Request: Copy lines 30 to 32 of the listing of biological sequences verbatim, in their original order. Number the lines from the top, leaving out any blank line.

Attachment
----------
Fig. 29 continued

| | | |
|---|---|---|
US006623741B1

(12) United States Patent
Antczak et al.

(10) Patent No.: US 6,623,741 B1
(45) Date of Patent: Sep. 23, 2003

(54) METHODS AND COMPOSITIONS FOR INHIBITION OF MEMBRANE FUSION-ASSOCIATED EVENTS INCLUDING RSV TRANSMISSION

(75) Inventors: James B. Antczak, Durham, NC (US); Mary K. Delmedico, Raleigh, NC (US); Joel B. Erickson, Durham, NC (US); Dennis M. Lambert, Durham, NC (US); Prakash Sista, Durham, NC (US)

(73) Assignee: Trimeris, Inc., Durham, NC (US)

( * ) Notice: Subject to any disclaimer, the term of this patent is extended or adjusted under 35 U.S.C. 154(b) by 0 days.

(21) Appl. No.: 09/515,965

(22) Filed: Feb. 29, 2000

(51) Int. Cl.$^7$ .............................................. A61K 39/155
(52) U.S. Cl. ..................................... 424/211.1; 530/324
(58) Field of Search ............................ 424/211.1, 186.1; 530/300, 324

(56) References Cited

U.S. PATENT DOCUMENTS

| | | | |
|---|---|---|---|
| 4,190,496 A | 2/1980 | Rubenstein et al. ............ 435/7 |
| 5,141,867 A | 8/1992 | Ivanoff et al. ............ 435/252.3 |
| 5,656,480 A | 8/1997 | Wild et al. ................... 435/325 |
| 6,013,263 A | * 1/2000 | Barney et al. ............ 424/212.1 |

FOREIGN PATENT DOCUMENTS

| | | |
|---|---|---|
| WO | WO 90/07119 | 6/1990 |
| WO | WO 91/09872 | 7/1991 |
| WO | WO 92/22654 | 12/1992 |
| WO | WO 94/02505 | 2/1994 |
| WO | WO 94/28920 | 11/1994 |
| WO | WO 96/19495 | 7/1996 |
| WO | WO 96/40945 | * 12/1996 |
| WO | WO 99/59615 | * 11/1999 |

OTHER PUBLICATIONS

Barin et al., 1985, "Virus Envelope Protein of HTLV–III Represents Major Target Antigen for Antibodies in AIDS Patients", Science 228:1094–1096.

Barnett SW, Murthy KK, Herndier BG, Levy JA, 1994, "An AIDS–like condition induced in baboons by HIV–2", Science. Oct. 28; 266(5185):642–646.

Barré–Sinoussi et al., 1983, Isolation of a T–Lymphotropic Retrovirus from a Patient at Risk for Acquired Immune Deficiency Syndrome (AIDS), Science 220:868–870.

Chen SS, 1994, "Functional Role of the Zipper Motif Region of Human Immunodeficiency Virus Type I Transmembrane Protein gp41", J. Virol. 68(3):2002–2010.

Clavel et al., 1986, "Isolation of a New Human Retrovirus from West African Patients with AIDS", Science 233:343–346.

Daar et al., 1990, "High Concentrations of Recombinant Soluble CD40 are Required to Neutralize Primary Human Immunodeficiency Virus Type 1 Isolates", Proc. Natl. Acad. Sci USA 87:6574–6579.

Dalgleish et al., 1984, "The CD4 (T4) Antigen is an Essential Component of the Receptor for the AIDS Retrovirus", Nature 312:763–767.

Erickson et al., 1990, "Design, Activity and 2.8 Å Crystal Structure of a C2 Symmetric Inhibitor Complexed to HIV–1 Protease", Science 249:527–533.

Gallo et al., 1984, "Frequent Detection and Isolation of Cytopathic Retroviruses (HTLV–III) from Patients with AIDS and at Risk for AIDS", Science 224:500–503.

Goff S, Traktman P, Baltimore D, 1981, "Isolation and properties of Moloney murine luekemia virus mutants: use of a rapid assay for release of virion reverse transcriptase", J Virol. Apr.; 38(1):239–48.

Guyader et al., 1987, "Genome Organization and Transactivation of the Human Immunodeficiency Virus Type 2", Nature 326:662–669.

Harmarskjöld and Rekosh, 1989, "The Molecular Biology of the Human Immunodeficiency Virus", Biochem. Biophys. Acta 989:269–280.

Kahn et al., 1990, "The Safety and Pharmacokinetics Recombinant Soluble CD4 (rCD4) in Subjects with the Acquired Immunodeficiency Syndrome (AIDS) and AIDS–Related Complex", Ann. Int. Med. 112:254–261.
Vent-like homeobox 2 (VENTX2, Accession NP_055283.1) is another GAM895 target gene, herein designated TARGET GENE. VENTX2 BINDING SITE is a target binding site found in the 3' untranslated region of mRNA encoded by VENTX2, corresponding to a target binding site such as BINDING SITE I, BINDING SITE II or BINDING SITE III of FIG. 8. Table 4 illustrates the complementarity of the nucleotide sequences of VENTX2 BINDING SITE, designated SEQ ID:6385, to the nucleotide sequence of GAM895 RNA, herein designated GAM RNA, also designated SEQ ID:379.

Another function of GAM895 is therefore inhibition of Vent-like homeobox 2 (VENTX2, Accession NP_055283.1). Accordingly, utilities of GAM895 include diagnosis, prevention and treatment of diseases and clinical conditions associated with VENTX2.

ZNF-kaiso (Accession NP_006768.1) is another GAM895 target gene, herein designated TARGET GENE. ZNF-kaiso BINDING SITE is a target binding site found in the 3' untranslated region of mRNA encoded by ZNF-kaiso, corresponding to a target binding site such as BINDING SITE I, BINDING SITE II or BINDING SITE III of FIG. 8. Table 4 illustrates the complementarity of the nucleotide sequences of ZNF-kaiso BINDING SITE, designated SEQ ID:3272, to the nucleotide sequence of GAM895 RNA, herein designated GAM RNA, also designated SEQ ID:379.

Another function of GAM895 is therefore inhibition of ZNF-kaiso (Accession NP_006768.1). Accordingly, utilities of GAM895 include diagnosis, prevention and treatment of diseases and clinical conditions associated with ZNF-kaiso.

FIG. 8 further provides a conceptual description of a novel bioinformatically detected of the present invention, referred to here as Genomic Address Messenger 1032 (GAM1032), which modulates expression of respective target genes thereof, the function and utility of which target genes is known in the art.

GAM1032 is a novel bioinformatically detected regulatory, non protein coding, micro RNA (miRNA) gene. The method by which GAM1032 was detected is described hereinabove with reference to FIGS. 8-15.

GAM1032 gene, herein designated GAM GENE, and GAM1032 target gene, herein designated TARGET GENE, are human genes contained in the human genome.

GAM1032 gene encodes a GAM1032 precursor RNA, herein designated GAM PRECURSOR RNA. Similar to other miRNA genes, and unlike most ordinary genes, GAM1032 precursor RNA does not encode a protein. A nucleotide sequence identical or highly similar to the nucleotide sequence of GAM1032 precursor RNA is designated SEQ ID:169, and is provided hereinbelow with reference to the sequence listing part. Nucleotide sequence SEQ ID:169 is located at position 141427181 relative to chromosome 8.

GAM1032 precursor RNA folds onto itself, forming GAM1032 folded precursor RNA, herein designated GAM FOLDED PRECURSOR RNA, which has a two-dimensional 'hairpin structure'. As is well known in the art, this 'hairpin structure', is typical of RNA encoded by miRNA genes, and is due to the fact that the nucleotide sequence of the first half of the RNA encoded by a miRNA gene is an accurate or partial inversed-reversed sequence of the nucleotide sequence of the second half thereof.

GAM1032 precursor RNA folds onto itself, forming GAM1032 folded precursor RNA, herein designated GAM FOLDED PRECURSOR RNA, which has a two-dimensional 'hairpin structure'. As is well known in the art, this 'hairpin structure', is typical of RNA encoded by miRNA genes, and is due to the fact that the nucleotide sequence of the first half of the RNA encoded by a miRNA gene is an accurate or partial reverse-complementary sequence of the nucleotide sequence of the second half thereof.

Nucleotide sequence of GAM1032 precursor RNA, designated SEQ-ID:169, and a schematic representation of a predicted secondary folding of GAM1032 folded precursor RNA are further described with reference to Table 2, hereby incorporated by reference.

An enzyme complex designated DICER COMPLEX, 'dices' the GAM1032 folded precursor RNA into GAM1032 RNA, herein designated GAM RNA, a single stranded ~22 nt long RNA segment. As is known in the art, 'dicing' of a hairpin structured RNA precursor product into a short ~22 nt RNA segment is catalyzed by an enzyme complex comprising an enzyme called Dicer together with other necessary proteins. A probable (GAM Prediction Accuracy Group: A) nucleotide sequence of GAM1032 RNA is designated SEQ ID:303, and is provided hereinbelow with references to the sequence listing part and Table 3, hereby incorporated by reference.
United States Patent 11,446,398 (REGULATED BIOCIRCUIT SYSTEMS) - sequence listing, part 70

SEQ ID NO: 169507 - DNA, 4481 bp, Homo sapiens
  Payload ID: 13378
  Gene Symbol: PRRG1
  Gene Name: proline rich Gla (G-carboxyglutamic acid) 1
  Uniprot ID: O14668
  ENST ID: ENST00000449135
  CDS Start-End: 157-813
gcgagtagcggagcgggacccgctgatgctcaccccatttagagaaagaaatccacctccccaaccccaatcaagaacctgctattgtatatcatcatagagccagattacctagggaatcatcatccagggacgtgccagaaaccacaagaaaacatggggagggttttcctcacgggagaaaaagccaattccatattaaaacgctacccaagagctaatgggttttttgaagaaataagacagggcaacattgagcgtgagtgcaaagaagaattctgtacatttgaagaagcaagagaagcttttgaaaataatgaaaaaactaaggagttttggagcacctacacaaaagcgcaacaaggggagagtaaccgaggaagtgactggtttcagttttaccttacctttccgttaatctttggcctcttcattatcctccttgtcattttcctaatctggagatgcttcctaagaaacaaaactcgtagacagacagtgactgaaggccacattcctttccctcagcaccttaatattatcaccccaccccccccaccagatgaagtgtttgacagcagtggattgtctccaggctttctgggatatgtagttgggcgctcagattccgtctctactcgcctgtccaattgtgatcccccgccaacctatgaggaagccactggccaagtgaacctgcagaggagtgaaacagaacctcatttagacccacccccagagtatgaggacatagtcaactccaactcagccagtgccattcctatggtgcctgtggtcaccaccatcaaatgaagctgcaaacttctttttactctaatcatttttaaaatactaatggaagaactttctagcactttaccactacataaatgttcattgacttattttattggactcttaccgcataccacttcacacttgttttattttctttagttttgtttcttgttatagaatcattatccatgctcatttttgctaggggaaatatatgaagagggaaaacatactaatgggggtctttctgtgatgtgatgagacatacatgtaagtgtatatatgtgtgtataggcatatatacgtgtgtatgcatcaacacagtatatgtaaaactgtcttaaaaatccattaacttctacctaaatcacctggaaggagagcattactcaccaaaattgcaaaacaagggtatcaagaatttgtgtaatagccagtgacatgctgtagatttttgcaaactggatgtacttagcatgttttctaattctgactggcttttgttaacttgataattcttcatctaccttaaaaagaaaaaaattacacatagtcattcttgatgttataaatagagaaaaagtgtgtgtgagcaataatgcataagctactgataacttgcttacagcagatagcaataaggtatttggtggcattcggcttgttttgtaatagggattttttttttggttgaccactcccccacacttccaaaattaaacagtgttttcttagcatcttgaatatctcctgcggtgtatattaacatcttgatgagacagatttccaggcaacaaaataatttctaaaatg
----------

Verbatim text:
| WO | WO 91/09872 | 7/1991 |
| WO | WO 92/22654 | 12/1992 |
| WO | WO 94/02505 | 2/1994 |